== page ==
Q : What is returned by "return;" 
Author Message
 Q : What is returned by "return;"

Quote:

> Hi,

> I have a simple question :

> What is returned by the following function when
> the argument it not 1 ?

> int foo(int a)
> {
>   if (a == 1)
>     return 1;
> }
> The compiler gives a warning, but I have no idea of
> the returned value if I call

Good for your compiler.
You need a second return statement, rather than just allowing the
function to fall through to the closing brace.

int foo( int a ) {
   if( a!=1 ) return 5;  /* whatever */
   return a;

Quote:
}

or
int foo( int a ) {
   if( a==1 ) return 1;
   return 0;   /* whatever */

Quote:
}
>   b = foo(0);

Using your definition of foo(), the return value is undefined whenever
(a!=1).  Basically, the program will 'return' whatever happens to be in
the memory area or register to be returned.  This could be anything.

Quote:
> Where is it taken ? On the stack ?

That is implementation specific, you would have to ask your compiler
publisher for tht information.

Quote:
> Thanks in advance.

You're welcome.

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like taking the kids to an amusment park, or on vacation.



Mon, 31 Jan 2000 03:00:00 GMT  
 Q : What is returned by "return;"

Hi,

I have a simple question :

What is returned by the following function when
the argument it not 1 ?

int foo(int a)
{
  if (a == 1)
    return 1;

Quote:
}

The compiler gives a warning, but I have no idea of
the returned value if I call

  b = foo(0);

Where is it taken ? On the stack ?

Thanks in advance.

Vincent

--------------------------------------------------
Vincent HUE              SDH/ATM Software Engineer
MET Commutation, 19 av Carnot 91348 MASSY / France
Tel.: +33-1 64 47 51 30  - Fax : +33-1 64 47 57 45



Mon, 31 Jan 2000 03:00:00 GMT  
 Q : What is returned by "return;"

Quote:

>Hi,

>I have a simple question :

>What is returned by the following function when
>the argument it not 1 ?

>int foo(int a)
>{
>  if (a == 1)
>    return 1;
>}

If a is not 1 then foo has an indeterminate return value. A valid program
cannot use that value, if it does it results in undefined behaviour which
means anything can happen such as the program crashing.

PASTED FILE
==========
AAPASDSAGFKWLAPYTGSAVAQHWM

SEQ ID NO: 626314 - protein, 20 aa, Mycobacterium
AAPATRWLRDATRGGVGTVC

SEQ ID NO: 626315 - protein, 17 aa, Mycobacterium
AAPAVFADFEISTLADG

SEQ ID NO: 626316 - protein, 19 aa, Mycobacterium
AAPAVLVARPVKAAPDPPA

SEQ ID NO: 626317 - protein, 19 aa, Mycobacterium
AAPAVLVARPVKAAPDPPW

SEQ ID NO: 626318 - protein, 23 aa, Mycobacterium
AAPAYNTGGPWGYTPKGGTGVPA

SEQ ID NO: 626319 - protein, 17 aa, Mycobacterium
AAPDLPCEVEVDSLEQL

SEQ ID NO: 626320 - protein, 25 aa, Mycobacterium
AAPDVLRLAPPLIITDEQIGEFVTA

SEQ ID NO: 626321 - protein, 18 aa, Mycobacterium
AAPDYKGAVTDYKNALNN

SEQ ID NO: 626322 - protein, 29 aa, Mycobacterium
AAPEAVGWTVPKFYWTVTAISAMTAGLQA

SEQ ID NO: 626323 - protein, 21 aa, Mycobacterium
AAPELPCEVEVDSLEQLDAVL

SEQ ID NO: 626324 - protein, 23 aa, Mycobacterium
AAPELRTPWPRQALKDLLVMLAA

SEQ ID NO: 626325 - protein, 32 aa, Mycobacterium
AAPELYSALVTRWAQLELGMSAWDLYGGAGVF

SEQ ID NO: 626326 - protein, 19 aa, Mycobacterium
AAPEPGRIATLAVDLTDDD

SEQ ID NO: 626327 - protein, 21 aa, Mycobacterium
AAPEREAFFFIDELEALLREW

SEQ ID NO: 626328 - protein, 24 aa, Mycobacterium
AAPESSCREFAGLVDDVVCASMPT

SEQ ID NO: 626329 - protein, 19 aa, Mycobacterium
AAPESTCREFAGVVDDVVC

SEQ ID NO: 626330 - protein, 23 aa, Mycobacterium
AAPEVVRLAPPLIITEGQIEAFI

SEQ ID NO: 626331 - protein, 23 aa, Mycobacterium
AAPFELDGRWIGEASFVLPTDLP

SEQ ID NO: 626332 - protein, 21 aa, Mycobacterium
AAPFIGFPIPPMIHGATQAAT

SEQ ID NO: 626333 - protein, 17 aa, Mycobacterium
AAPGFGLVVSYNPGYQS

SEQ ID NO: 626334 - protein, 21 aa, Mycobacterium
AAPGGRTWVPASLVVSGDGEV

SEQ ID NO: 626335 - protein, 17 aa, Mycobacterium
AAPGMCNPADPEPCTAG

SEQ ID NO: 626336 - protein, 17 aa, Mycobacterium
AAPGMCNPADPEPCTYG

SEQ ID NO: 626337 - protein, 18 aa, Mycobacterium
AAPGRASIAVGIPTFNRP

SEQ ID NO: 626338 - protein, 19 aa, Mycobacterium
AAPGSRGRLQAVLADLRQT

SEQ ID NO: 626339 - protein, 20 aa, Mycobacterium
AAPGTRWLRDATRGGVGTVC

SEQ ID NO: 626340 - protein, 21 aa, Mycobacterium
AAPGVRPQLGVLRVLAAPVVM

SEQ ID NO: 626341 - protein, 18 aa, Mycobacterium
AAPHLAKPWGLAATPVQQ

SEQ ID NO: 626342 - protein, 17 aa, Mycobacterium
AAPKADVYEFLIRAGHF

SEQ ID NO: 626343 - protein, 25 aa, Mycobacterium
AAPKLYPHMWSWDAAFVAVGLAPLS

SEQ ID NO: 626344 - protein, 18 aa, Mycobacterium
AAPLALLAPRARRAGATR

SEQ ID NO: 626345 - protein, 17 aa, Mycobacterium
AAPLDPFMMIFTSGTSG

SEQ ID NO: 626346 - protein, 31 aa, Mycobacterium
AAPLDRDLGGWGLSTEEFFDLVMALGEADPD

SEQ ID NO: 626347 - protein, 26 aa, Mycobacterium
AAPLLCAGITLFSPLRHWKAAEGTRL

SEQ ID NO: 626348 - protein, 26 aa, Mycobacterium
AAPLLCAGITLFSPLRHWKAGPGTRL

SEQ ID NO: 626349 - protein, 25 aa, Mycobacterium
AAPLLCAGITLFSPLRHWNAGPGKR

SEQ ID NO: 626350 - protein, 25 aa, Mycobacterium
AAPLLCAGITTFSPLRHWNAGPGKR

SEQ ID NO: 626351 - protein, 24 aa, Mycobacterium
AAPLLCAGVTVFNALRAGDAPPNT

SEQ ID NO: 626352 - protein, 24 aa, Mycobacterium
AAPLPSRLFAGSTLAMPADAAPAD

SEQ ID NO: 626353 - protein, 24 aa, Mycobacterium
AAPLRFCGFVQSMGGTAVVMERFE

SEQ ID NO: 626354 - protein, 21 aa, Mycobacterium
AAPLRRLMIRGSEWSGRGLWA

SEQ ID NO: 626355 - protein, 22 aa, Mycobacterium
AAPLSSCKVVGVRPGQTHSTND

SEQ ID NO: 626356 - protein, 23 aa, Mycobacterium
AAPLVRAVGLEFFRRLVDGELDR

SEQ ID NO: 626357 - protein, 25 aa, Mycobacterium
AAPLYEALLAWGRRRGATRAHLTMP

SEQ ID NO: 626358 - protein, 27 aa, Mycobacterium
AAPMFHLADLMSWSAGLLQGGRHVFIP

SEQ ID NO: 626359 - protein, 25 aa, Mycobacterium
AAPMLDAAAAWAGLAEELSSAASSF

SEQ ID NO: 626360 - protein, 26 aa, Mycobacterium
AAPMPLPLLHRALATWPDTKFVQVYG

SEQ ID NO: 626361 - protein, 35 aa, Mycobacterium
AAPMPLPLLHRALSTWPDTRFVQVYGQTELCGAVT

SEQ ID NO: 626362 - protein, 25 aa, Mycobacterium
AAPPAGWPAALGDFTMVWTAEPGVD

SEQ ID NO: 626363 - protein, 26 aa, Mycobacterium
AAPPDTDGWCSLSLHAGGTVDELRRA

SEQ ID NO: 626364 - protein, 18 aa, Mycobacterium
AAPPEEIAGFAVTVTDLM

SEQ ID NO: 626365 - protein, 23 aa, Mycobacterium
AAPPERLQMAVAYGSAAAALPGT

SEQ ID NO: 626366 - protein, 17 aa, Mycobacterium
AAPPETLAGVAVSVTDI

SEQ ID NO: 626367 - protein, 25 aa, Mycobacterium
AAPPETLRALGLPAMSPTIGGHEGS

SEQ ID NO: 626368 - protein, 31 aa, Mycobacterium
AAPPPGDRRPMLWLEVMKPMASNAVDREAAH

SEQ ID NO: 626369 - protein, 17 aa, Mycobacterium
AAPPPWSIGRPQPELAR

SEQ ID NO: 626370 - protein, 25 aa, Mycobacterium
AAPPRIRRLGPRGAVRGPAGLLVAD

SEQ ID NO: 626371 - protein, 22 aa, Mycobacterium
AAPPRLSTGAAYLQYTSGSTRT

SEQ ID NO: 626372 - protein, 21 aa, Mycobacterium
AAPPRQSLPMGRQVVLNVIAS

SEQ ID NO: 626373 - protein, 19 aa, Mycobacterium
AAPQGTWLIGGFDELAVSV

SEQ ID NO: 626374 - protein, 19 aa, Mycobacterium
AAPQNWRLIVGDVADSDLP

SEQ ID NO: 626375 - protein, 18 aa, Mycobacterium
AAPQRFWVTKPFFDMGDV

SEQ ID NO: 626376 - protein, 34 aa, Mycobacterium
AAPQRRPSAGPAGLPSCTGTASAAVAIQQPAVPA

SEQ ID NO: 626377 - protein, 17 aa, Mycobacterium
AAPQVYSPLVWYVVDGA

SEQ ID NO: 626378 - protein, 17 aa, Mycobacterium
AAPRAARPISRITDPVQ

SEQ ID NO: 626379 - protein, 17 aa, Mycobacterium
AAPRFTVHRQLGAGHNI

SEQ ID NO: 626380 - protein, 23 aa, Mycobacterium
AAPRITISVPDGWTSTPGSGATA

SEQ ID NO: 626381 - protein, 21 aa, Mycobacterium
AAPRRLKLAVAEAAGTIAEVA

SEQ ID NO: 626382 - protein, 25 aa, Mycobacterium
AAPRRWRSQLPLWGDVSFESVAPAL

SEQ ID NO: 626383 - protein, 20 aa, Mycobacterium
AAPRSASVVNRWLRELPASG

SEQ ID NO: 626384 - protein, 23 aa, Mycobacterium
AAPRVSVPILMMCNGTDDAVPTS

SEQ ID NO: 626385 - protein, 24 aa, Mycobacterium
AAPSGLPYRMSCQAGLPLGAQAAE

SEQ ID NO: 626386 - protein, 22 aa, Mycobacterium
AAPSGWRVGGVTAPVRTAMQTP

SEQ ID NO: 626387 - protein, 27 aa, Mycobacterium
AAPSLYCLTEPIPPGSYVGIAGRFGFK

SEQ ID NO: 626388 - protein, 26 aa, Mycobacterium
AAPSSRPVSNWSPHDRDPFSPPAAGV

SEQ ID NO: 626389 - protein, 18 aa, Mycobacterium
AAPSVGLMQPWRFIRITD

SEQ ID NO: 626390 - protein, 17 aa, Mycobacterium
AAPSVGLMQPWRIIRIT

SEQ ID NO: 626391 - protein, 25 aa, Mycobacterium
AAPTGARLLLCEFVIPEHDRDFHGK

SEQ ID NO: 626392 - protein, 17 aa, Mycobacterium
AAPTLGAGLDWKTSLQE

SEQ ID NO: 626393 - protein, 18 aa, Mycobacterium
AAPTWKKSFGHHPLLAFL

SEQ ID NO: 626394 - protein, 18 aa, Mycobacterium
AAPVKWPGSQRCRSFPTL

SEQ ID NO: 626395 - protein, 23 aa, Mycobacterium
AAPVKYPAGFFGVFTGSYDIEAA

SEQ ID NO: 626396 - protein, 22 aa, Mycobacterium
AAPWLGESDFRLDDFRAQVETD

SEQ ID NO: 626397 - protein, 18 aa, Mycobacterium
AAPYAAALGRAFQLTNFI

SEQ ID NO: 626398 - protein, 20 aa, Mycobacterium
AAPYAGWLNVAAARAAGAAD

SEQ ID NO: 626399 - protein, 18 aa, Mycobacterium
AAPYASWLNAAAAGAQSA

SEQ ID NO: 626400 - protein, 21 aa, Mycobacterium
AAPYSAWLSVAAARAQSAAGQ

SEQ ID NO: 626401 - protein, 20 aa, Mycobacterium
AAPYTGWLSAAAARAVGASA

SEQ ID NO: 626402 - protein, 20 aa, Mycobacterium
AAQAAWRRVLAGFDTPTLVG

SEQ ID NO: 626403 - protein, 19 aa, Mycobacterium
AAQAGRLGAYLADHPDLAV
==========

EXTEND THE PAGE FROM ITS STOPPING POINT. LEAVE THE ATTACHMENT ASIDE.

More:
Quote:
>The compiler gives a warning, but I have no idea of
>the returned value if I call

There isn't a meaningful return value.

Quote:
>  b = foo(0);

>Where is it taken ? On the stack ?

The C language doesn't require the existence of a stack. How return values
are passed around is up to the specific compiler. Some might implement a
stack and pass it on that, others may use registers, and so on.

--
-----------------------------------------


-----------------------------------------



Mon, 31 Jan 2000 03:00:00 GMT  
 Q : What is returned by "return;"

[posted and mailed]

Quote:

> What is returned by the following function when
> the argument it not 1 ?
>    int foo(int a)
>    {
>      if (a == 1)
>        return 1;
>    }

I don't know.

Quote:
> The compiler gives a warning...

The compiler doesn't know either; that's why it gives you a
warning.

Quote:
> but I have no idea of the returned value if I call
>   b = foo(0);

In fact, *nobody* has an idea of the returned value!

Quote:
> Where is it taken ? On the stack ?

Some machines return values on the stack; others return them in
designated registers.  Wherever it is that the return value is
returned, your function foo() won't write any value to this
location if a is not equal to 1, so code that looks at the value
(e.g. the assignment b=foo(0)) will probably find whatever random
value happens to be there.

Since there's no defined behavior here, your compiler is
helpfully warning you, and if you'd like your program to have
well-defined behavior, you'll of course want to heed the warning,
and not write code like function foo(), which sometimes fails to
return a value although the caller expects it.

                                        Steve Summit



Mon, 31 Jan 2000 03:00:00 GMT  
 Q : What is returned by "return;"

Quote:

> I have a simple question :

> What is returned by the following function when
> the argument it not 1 ?

> int foo(int a)
> {
>   if (a == 1)
>     return 1;
> }
> The compiler gives a warning, but I have no idea of
> the returned value if I call

>   b = foo(0);

That's it exactly - you have no idea.  The value chosen is basically
unpredictable.  It might be on the stack, it might be the contents of
a given register, it might be the current temperature.  Calling the
function may even cause the program to crash horribly.  You can't rely
on *anything* about the result of calling the function.

--

            http://www.geocities.com/SiliconValley/Lakes/7537/



Tue, 01 Feb 2000 03:00:00 GMT  
 
 [ 5 post ] 

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